Fresnel Reflection Plugin


Fresnel reflection looks good, and it's important for visual realism, especially with materials like glass. Stephen Westin has written a really good essay on Fresnel Reflectance, and he explains it better than I probably would, so I'm just putting up this page to give away software.

I've spent some time munging spheremaps for various 3-D reasons -- they're basically nice and easy environment maps. The advantage over cubemaps is that you can precompute isotropic reflectance from a particular direction (you can do much better materials than cubemaps), but spheremaps aren't view-independent like cubemaps.

For this filter, the idea is that you put the image representing a specular spheremap on a layer, run the filter, and blend it over the diffuse map. Or you can do weirder things -- this just gives the raw coefficients in a form that they're usable in an alpha channel, so artists can make magic in Photoshop. It's best to start with an opaque layer, and let the plugin add the transparency.

As you can probably tell, I just rediscovered Filter Factory, and this plugin implements Chris Schlick's approximation to Fresnel reflection. This first appeared in his thesis in 1992, but if you don't read French, you can read about it in A Customizable Reflectance Model for Everyday Rendering from 1993 Eurographics.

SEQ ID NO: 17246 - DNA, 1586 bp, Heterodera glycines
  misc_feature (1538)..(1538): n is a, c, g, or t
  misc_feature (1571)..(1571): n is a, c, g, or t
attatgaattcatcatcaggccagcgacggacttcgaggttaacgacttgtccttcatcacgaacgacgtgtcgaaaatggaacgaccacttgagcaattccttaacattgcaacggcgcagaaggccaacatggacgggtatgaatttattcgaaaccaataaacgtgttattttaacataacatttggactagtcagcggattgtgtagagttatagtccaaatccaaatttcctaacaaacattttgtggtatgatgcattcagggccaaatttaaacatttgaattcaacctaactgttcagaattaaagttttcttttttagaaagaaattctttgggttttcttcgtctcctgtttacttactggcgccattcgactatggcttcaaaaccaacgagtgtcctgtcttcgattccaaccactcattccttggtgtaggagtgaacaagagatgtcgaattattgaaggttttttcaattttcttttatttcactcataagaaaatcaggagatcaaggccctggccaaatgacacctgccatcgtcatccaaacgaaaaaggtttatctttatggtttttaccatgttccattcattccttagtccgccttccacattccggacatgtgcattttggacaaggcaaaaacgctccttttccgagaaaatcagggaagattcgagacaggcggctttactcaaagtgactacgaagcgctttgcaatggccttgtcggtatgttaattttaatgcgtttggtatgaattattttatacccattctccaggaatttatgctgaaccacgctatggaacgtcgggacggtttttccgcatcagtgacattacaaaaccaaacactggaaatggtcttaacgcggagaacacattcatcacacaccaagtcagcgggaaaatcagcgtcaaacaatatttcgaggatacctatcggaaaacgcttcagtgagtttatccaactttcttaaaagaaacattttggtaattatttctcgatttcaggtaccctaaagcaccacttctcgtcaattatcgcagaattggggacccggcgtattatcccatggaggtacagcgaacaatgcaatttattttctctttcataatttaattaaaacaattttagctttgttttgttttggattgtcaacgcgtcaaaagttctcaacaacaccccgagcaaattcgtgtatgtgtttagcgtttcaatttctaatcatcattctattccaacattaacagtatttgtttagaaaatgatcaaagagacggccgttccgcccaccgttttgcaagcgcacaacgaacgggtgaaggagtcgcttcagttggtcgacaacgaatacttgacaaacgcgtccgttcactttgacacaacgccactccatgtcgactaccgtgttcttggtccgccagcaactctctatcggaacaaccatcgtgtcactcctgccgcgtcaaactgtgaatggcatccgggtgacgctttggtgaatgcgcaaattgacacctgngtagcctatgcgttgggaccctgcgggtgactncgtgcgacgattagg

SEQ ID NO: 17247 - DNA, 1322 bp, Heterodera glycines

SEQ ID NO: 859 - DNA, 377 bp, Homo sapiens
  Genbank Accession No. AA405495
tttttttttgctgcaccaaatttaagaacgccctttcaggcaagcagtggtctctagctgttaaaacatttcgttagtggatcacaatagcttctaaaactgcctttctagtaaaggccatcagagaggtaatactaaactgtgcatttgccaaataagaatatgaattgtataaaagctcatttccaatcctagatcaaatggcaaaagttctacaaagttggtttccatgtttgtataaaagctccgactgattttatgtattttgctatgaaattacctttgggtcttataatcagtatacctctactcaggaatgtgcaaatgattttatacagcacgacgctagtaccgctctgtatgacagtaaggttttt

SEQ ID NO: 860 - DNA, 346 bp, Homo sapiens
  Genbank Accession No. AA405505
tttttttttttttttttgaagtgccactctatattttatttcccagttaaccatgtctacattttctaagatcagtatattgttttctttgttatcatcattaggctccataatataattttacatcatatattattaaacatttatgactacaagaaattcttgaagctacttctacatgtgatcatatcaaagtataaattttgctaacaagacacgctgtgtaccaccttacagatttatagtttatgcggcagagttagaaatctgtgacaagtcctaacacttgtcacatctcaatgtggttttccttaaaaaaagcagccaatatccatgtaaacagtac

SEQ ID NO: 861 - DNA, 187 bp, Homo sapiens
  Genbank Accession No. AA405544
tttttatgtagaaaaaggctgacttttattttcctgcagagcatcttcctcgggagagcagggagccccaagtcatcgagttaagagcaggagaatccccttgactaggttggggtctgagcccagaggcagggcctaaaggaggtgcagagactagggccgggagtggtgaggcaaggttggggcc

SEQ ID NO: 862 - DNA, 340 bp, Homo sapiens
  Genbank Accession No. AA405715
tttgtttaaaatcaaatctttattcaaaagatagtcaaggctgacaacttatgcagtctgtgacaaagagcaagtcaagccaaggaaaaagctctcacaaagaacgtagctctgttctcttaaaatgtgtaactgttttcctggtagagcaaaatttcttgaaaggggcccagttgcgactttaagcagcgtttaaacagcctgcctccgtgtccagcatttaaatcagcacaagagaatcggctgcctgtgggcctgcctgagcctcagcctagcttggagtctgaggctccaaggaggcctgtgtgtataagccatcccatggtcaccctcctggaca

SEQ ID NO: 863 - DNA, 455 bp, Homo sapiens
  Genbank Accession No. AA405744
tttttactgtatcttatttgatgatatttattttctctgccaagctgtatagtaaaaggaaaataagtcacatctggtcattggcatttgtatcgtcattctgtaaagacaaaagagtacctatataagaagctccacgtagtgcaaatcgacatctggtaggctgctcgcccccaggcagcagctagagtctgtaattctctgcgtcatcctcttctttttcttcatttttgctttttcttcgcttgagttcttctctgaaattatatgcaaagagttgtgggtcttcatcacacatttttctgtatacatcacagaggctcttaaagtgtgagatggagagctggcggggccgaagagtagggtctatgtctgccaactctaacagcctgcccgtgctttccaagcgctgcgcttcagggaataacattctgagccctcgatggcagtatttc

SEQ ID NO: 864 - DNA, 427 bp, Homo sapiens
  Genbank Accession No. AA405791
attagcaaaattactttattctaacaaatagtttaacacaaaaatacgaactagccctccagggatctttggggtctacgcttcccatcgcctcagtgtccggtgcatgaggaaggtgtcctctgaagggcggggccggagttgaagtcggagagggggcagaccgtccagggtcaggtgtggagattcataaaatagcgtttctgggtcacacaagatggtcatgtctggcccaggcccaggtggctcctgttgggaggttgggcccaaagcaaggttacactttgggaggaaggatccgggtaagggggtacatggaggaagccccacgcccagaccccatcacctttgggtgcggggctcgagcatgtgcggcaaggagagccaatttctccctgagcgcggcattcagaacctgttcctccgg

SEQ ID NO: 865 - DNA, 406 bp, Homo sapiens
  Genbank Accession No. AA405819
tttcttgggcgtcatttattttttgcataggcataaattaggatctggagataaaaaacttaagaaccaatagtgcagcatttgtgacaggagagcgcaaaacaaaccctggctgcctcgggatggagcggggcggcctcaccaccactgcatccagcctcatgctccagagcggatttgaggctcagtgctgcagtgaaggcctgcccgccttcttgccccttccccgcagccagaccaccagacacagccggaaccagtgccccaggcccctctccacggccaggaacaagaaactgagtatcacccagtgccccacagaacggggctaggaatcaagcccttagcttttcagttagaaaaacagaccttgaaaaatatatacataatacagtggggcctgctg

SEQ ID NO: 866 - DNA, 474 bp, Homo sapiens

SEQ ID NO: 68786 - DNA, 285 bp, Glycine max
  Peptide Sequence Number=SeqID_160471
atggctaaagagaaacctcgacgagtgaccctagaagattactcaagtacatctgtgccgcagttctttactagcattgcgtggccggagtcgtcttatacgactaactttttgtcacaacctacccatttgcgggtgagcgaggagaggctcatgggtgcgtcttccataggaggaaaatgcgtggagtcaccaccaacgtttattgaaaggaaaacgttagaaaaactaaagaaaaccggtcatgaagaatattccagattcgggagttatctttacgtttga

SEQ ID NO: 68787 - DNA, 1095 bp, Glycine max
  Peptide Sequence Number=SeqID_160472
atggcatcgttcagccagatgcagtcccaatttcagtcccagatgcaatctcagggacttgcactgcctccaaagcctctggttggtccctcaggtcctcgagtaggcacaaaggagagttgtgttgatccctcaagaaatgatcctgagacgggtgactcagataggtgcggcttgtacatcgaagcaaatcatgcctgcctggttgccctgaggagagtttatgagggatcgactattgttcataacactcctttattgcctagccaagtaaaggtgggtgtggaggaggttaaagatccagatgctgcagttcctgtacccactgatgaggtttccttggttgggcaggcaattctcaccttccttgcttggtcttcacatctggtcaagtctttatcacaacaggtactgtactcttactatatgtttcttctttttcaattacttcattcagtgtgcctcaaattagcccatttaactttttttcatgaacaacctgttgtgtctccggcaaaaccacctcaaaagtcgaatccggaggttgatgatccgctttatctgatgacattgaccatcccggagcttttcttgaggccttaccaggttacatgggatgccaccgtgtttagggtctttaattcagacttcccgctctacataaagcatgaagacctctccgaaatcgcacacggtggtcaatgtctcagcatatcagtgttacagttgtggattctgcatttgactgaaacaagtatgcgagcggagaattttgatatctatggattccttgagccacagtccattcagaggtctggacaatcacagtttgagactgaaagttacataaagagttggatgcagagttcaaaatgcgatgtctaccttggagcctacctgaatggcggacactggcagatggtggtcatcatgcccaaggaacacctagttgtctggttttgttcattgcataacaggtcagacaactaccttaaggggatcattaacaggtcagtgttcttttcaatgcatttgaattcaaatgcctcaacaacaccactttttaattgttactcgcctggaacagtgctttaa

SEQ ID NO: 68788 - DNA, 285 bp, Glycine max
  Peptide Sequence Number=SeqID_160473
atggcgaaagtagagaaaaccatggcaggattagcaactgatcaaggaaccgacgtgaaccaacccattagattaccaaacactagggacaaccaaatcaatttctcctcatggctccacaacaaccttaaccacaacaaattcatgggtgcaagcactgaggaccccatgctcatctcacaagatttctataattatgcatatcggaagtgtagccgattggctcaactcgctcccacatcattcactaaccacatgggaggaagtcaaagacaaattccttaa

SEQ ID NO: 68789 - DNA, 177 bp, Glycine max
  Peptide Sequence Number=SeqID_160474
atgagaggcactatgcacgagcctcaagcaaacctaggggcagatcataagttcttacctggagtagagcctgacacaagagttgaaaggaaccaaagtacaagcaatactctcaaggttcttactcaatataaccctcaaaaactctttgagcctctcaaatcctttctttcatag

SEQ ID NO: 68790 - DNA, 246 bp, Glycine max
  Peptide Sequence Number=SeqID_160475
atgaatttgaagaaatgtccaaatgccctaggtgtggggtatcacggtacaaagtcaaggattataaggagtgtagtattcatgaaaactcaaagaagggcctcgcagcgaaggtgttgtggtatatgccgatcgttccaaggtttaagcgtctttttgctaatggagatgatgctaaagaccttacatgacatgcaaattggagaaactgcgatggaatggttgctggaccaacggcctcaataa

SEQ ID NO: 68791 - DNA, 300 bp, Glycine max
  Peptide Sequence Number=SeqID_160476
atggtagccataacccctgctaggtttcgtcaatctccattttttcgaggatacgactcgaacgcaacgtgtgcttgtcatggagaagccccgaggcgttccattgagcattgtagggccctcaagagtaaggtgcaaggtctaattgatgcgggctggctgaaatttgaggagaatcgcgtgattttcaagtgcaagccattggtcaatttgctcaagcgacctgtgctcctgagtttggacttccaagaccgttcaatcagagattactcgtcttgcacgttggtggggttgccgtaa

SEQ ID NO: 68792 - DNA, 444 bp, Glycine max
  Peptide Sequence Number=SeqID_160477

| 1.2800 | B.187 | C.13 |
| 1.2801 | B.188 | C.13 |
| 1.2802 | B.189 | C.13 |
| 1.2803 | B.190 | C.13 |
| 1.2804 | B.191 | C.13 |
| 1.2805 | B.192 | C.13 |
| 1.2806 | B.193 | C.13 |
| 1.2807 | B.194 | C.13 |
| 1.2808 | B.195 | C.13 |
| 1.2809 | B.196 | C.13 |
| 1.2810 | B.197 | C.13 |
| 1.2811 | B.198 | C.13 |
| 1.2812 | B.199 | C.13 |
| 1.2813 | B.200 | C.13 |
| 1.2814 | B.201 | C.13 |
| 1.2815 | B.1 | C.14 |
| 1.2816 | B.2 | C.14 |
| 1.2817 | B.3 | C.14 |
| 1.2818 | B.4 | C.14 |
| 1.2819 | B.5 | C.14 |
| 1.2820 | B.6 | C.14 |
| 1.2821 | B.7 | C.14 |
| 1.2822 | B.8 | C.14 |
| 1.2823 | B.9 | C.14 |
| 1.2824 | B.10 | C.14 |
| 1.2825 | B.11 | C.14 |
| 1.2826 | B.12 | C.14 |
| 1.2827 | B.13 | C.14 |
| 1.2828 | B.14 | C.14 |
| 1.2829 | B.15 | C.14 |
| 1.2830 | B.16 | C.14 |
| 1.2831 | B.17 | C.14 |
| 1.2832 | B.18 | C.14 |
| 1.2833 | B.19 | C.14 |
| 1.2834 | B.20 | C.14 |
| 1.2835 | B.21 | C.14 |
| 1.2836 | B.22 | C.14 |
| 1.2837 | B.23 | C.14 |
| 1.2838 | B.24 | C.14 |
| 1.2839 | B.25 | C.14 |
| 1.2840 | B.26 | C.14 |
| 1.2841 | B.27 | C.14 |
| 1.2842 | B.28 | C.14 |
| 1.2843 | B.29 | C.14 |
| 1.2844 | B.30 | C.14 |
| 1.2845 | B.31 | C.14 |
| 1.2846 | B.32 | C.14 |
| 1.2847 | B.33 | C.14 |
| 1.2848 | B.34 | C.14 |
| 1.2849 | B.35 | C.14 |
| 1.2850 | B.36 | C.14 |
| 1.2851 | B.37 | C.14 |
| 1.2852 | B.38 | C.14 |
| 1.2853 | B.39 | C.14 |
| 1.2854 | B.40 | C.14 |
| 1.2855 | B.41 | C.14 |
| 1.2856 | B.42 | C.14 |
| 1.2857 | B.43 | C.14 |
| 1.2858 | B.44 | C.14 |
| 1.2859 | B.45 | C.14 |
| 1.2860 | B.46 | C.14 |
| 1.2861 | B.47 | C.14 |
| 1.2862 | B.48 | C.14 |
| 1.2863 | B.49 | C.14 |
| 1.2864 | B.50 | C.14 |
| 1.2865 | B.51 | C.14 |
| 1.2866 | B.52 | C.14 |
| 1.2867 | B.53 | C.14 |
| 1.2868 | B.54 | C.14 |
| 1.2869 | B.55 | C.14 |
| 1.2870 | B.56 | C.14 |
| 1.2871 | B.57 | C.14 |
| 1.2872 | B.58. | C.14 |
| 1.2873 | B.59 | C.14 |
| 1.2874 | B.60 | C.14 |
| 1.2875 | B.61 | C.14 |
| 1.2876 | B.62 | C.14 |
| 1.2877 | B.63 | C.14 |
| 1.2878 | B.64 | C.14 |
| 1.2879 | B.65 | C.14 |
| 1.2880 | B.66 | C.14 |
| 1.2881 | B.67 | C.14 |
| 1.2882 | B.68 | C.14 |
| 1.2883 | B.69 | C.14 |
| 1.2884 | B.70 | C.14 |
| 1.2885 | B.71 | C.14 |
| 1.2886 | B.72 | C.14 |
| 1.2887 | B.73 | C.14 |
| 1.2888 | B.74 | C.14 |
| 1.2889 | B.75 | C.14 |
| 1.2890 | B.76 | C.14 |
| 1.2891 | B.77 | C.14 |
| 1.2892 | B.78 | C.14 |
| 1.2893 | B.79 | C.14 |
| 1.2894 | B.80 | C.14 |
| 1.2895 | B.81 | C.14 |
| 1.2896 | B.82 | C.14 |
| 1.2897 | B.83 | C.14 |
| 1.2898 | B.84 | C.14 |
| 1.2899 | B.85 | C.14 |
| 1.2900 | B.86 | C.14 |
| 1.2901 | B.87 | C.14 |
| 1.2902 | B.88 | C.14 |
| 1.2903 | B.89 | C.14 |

Here's the .8bf for your PC running Photoshop: fresnela.8bf [48k].

I don't have a mac version, but you might be able to download filter factory for the Mac and make your own using the fresnela.afs [1 KB] source. If you do, let me know. There's a good chance that this plugin needs some items that aren't on your computer. You can get and put it in your Photoshop directory, or your windows system directory to make everything work. (I need to do an installer, but there's never time.)

For those who are curious, here's what I typed into Filter Factory to make the plugin work (what a mess, if only there were an exponent!)

r = r
g = g
b = b
a = (m*2 > min(X,Y)) ? a : 
(mix(255, ctl(0), 
(( (511-cos(m*512/min(X,Y))) * (511-cos(m*512/min(X,Y))) * (511-cos(m*512/min(X,Y))) >> 6)
* (511-cos(m*512/min(X,Y))) >> 9) * (511-cos(m*512/min(X,Y))),